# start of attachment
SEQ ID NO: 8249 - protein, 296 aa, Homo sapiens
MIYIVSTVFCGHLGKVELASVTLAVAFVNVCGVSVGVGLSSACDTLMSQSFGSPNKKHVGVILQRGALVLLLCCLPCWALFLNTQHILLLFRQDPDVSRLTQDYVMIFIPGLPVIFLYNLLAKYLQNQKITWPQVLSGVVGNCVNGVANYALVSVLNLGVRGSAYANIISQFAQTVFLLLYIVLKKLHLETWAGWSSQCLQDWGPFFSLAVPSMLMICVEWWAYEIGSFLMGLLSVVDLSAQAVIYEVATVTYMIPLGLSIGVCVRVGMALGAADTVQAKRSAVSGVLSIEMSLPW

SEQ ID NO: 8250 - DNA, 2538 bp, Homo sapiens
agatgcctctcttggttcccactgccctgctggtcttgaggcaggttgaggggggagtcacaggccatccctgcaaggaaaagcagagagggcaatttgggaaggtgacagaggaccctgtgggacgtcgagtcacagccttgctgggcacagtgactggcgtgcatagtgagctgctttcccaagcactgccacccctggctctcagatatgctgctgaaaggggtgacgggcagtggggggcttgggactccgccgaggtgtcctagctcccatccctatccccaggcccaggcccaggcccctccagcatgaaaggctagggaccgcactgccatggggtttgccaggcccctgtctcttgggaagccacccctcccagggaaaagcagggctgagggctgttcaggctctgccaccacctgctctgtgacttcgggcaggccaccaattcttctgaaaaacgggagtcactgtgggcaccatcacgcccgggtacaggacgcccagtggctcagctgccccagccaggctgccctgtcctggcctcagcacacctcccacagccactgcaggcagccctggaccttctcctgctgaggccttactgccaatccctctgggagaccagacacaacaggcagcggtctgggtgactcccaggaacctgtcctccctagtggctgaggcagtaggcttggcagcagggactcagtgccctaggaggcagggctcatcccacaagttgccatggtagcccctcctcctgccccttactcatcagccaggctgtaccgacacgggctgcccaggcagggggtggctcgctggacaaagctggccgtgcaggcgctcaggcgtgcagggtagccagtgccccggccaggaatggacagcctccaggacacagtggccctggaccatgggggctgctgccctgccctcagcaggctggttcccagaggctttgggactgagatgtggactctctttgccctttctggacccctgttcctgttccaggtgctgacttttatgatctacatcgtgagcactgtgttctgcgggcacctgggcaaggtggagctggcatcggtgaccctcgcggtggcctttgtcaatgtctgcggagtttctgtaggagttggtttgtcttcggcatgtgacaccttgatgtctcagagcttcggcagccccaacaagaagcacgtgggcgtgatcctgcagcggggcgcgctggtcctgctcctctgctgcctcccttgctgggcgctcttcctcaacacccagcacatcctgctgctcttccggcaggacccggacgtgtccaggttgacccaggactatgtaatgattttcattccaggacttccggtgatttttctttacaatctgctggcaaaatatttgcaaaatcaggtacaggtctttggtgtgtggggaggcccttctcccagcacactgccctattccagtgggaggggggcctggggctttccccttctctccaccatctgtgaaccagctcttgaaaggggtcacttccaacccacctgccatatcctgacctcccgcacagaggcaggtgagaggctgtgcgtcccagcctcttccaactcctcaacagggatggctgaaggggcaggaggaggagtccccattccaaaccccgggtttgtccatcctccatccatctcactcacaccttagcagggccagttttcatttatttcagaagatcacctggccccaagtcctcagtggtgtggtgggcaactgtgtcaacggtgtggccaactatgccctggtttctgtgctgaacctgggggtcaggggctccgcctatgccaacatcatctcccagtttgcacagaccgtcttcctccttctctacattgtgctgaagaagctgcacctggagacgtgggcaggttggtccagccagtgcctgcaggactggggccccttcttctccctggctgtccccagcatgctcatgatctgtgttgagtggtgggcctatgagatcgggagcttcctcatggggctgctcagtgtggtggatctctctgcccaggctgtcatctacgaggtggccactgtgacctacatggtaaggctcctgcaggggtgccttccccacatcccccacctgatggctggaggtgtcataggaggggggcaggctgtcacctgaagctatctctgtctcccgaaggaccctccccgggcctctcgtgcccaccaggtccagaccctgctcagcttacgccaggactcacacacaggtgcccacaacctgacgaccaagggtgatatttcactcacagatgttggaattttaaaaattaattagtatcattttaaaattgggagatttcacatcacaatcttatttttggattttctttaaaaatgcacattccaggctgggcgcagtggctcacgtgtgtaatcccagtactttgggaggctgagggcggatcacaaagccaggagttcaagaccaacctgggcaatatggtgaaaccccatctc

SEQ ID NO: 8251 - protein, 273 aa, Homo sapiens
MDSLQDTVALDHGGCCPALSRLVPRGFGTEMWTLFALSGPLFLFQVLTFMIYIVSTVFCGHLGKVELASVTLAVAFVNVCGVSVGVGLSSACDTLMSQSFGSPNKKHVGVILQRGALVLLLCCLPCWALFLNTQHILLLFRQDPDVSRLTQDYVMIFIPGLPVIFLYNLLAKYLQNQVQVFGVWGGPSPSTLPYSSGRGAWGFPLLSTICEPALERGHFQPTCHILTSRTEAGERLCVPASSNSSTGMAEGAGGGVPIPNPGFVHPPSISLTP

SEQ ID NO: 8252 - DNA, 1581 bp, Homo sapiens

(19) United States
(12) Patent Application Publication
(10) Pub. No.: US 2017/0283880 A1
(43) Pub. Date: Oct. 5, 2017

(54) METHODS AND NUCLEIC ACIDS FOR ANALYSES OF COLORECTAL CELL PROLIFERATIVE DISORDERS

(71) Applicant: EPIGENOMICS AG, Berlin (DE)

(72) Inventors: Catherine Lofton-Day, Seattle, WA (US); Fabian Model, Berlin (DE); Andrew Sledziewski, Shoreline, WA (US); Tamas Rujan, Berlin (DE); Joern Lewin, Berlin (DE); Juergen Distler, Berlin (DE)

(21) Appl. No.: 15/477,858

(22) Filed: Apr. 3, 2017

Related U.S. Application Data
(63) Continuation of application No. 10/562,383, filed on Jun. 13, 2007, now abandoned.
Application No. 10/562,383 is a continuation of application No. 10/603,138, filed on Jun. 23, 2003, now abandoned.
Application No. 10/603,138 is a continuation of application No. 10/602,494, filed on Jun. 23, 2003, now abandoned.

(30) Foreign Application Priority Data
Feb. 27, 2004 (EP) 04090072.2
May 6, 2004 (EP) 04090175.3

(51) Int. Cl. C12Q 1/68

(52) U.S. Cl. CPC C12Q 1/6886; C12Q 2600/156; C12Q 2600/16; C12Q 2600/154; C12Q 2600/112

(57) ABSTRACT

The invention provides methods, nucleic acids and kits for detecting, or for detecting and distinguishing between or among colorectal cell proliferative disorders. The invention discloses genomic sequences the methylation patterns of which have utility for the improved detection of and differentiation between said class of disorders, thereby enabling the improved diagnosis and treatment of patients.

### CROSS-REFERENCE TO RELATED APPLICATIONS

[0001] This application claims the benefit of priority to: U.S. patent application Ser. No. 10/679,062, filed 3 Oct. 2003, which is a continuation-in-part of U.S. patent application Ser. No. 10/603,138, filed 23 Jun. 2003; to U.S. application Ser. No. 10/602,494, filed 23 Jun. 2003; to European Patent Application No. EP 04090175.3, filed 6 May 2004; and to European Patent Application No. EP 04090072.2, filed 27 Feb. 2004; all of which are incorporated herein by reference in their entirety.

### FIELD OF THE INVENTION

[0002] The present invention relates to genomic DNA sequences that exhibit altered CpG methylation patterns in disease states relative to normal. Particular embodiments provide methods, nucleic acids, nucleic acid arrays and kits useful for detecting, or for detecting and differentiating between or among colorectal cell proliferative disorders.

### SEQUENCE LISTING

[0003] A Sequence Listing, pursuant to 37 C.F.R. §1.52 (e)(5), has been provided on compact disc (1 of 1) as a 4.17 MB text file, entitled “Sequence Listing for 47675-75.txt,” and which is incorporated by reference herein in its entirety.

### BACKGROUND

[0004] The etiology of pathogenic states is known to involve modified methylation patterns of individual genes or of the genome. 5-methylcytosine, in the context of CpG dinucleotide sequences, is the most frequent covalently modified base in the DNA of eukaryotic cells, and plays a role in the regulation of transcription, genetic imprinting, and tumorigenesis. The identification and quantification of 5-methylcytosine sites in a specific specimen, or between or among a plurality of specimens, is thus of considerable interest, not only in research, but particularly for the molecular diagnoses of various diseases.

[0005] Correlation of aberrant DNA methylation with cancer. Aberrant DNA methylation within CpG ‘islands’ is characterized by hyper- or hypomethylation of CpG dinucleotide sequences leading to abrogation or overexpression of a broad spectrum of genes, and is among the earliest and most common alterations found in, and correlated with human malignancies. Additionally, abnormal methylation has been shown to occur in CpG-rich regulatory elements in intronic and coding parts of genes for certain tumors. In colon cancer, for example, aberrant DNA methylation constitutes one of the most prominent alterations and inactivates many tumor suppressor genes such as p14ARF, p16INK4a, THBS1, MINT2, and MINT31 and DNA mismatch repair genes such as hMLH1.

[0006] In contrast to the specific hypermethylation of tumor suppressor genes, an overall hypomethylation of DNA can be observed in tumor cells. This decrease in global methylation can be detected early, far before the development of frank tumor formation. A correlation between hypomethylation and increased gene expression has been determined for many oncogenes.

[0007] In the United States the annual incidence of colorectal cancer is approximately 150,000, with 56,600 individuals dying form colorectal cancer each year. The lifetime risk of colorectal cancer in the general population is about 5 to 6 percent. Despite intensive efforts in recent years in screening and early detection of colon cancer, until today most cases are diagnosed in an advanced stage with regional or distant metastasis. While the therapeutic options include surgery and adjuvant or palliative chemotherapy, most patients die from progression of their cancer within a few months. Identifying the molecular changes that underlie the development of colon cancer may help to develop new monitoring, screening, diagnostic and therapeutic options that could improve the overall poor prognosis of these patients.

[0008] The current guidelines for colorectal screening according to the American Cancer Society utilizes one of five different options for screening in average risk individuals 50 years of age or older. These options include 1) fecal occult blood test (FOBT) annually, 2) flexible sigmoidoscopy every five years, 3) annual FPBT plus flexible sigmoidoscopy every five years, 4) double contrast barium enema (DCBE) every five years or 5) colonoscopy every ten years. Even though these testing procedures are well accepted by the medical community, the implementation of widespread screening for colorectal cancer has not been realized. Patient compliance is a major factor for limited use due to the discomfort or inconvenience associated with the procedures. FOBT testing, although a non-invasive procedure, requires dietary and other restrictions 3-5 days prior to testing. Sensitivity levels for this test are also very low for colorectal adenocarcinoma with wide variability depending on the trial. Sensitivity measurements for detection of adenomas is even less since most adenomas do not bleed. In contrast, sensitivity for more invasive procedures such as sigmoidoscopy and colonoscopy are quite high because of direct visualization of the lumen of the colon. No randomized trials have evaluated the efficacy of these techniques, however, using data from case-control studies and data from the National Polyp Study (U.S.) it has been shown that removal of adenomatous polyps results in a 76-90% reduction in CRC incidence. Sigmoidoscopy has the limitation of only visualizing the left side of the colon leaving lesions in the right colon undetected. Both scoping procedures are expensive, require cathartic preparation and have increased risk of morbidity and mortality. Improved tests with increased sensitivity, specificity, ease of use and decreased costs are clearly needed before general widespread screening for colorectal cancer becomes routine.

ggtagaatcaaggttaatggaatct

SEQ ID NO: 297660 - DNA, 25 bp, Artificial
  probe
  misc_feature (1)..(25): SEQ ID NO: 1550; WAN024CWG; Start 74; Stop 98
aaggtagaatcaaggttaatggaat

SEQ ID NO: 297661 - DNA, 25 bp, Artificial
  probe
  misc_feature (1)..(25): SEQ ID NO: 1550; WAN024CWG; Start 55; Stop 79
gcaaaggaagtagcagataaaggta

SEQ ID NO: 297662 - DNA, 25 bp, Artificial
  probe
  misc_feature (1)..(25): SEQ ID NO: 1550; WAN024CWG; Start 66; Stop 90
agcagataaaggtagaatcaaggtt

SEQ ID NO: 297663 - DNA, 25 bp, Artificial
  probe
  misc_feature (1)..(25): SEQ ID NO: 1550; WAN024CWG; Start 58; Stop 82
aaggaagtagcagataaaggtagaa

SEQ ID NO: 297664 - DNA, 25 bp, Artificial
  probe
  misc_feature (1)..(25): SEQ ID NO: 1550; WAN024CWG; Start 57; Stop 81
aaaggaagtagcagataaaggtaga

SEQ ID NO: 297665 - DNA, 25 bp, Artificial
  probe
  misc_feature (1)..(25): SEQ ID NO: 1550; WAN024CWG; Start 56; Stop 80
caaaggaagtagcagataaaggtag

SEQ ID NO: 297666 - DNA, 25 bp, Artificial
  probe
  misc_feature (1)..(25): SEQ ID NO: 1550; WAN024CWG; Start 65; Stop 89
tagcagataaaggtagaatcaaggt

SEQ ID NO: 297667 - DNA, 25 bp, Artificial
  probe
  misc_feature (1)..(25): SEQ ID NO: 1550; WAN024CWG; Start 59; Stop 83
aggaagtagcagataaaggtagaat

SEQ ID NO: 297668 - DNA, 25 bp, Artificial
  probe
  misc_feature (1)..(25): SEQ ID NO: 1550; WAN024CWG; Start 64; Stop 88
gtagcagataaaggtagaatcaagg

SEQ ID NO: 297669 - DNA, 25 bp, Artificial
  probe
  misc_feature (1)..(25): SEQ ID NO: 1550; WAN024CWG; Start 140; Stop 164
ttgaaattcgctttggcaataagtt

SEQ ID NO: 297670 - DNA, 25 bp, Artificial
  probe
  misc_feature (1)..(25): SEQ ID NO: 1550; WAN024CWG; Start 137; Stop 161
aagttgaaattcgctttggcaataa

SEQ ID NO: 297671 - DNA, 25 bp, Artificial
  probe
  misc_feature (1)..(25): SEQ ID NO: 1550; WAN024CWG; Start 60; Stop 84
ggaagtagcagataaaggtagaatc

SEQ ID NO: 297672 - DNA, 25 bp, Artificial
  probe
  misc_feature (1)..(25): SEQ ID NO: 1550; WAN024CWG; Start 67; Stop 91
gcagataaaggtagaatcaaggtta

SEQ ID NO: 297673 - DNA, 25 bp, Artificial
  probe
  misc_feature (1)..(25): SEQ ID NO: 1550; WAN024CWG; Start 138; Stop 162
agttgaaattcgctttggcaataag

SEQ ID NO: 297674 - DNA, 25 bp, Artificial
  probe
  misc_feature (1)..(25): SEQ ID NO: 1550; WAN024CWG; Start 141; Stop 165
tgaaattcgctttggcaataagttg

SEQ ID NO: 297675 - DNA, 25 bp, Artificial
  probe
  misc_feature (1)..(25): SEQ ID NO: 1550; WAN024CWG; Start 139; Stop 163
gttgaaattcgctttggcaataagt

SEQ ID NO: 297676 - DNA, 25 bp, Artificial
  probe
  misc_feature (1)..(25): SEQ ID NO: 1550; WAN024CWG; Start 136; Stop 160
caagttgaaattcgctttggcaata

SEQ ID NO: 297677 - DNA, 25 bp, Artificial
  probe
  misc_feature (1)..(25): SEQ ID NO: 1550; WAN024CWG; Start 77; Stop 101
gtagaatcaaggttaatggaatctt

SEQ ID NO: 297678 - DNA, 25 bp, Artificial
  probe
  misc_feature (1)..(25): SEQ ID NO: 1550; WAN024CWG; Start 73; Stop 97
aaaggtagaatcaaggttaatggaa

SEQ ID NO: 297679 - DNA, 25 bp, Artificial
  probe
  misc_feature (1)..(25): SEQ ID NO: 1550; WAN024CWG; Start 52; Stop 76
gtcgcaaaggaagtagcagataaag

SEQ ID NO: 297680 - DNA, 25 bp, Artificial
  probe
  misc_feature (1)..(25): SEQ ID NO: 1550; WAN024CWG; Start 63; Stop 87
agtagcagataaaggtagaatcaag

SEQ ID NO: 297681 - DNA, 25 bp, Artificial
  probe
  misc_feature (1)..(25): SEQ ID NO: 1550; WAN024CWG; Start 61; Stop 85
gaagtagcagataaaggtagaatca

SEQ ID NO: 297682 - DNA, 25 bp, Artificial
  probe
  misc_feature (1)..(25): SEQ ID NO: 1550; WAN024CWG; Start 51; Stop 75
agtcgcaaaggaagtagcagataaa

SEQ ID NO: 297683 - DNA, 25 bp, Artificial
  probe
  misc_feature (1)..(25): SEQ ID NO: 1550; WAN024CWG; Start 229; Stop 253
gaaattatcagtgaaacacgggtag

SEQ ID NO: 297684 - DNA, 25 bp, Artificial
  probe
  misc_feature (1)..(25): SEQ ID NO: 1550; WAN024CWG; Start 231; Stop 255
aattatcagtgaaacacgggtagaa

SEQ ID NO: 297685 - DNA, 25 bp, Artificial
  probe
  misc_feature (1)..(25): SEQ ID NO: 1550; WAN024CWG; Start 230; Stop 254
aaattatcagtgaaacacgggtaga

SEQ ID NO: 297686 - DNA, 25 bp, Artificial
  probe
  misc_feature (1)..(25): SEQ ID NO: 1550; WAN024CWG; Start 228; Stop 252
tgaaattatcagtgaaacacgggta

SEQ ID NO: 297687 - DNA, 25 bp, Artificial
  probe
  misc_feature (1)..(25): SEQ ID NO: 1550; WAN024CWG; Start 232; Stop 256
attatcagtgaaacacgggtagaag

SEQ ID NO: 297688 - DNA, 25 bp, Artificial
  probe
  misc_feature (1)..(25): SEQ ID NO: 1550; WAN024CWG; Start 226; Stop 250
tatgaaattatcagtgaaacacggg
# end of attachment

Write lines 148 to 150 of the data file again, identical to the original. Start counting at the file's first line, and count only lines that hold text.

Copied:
tgaaattatcagtgaaacacgggta

SEQ ID NO: 297687 - DNA, 25 bp, Artificial
  probe